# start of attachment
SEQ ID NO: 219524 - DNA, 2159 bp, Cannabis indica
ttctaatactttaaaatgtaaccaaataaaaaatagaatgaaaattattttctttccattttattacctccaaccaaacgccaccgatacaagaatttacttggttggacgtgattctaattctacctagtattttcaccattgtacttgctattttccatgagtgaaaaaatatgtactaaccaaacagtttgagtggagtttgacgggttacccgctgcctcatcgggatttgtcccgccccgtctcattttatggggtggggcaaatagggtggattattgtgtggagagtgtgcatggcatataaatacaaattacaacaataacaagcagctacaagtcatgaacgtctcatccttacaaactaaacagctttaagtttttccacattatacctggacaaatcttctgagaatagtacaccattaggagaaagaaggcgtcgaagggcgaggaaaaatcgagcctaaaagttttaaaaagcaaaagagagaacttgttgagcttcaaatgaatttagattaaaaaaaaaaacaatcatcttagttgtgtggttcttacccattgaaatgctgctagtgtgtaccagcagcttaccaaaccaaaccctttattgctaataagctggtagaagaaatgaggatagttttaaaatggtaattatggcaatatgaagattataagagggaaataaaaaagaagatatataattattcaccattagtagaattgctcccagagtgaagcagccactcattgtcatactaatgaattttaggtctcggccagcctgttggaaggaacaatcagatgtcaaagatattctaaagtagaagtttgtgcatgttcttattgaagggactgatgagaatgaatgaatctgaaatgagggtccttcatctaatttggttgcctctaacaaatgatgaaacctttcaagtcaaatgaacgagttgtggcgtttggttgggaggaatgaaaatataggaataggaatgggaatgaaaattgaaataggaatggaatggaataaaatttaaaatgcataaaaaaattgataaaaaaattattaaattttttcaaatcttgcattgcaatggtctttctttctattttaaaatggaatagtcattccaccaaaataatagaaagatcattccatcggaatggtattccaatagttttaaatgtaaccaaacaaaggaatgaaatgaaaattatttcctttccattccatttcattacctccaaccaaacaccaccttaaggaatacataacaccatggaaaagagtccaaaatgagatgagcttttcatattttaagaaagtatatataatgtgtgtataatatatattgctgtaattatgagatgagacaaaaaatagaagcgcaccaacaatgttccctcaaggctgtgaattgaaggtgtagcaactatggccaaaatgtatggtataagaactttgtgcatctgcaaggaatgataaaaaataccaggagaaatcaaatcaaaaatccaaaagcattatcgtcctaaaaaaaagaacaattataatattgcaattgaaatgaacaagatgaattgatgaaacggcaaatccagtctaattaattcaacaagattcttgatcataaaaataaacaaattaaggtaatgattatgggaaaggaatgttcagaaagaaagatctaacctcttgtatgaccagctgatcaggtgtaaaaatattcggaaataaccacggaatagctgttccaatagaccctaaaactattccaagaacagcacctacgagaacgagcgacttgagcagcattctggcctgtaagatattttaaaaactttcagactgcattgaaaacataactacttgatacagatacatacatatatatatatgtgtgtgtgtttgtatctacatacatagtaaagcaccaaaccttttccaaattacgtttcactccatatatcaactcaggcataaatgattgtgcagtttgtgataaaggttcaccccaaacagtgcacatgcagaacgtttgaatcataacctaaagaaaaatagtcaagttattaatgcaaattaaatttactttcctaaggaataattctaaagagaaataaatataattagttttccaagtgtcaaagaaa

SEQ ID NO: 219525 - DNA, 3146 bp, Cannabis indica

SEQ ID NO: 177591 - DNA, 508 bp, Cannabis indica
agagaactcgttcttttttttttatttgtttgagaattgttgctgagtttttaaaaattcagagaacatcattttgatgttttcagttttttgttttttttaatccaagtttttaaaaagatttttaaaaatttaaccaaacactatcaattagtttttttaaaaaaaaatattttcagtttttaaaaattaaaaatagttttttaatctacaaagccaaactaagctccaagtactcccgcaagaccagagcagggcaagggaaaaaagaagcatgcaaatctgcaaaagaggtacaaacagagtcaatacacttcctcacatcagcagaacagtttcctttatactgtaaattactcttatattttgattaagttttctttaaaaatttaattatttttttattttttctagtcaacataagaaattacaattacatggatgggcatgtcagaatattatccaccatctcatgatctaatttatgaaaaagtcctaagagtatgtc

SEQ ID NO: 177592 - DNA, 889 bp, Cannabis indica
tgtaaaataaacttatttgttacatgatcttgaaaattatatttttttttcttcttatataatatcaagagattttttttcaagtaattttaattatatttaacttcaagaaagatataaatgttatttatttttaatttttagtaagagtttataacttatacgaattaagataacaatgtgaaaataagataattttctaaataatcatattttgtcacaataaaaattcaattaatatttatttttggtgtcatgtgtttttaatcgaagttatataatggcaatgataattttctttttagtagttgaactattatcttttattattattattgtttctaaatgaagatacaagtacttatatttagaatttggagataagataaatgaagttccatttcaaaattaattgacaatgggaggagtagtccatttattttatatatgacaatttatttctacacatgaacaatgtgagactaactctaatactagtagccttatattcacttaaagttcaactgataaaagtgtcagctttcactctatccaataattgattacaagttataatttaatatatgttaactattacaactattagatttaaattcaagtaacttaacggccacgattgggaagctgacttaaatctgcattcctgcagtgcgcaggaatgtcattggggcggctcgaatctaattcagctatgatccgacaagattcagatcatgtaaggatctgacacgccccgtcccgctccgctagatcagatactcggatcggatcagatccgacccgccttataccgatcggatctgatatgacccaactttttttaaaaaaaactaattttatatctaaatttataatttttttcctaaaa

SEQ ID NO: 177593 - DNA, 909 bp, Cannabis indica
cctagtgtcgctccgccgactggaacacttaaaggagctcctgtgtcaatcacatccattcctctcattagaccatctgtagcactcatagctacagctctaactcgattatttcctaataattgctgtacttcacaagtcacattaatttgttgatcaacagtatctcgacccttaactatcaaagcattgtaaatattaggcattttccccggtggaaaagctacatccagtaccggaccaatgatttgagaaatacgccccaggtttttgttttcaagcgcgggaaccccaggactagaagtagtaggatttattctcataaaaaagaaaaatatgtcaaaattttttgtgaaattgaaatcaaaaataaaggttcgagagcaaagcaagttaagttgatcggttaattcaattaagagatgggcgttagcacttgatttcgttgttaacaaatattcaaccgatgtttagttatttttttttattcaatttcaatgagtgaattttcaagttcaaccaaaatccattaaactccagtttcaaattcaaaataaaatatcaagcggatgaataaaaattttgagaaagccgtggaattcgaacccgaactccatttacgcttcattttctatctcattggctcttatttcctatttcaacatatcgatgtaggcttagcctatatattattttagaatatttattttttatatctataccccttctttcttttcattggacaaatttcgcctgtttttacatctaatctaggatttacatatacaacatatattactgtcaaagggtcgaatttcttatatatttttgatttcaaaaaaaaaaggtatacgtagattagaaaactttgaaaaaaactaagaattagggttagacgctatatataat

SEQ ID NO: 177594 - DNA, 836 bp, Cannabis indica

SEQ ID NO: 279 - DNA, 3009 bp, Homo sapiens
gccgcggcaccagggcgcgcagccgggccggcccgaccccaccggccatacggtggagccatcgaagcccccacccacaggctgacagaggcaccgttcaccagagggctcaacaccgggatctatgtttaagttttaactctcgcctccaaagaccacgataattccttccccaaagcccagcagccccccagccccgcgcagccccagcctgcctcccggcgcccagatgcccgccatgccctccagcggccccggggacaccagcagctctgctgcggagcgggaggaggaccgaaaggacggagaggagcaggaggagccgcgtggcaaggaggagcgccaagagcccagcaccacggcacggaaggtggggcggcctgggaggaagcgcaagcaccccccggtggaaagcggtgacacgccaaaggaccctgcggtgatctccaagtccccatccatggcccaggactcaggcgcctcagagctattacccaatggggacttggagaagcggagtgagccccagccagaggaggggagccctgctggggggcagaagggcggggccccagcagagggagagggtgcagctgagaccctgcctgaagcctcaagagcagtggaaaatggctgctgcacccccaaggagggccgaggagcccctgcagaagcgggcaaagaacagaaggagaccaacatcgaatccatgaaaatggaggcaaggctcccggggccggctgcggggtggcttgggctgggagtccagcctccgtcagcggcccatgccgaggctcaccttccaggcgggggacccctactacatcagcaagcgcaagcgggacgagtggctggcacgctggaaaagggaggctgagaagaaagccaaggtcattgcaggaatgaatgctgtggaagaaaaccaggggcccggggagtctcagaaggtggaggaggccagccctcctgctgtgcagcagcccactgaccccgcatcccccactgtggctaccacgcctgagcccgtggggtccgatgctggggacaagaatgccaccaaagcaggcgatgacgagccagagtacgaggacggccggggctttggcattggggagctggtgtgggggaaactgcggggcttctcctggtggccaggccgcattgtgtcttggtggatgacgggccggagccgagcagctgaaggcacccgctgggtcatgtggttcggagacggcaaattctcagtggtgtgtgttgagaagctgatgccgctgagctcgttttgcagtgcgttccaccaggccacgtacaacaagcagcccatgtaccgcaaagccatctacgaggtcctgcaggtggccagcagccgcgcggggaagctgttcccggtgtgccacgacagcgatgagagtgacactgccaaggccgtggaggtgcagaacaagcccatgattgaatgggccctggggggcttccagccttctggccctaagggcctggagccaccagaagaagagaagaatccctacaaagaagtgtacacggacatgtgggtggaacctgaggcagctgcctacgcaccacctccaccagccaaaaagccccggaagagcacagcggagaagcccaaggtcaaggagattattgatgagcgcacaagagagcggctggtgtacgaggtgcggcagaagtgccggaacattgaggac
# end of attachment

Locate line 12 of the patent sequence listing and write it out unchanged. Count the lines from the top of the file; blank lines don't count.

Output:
gccgcggcaccagggcgcgcagccgggccggcccgaccccaccggccatacggtggagccatcgaagcccccacccacaggctgacagaggcaccgttcaccagagggctcaacaccgggatctatgtttaagttttaactctcgcctccaaagaccacgataattccttccccaaagcccagcagccccccagccccgcgcagccccagcctgcctcccggcgcccagatgcccgccatgccctccagcggccccggggacaccagcagctctgctgcggagcgggaggaggaccgaaaggacggagaggagcaggaggagccgcgtggcaaggaggagcgccaagagcccagcaccacggcacggaaggtggggcggcctgggaggaagcgcaagcaccccccggtggaaagcggtgacacgccaaaggaccctgcggtgatctccaagtccccatccatggcccaggactcaggcgcctcagagctattacccaatggggacttggagaagcggagtgagccccagccagaggaggggagccctgctggggggcagaagggcggggccccagcagagggagagggtgcagctgagaccctgcctgaagcctcaagagcagtggaaaatggctgctgcacccccaaggagggccgaggagcccctgcagaagcgggcaaagaacagaaggagaccaacatcgaatccatgaaaatggaggcaaggctcccggggccggctgcggggtggcttgggctgggagtccagcctccgtcagcggcccatgccgaggctcaccttccaggcgggggacccctactacatcagcaagcgcaagcgggacgagtggctggcacgctggaaaagggaggctgagaagaaagccaaggtcattgcaggaatgaatgctgtggaagaaaaccaggggcccggggagtctcagaaggtggaggaggccagccctcctgctgtgcagcagcccactgaccccgcatcccccactgtggctaccacgcctgagcccgtggggtccgatgctggggacaagaatgccaccaaagcaggcgatgacgagccagagtacgaggacggccggggctttggcattggggagctggtgtgggggaaactgcggggcttctcctggtggccaggccgcattgtgtcttggtggatgacgggccggagccgagcagctgaaggcacccgctgggtcatgtggttcggagacggcaaattctcagtggtgtgtgttgagaagctgatgccgctgagctcgttttgcagtgcgttccaccaggccacgtacaacaagcagcccatgtaccgcaaagccatctacgaggtcctgcaggtggccagcagccgcgcggggaagctgttcccggtgtgccacgacagcgatgagagtgacactgccaaggccgtggaggtgcagaacaagcccatgattgaatgggccctggggggcttccagccttctggccctaagggcctggagccaccagaagaagagaagaatccctacaaagaagtgtacacggacatgtgggtggaacctgaggcagctgcctacgcaccacctccaccagccaaaaagccccggaagagcacagcggagaagcccaaggtcaaggagattattgatgagcgcacaagagagcggctggtgtacgaggtgcggcagaagtgccggaacattgaggac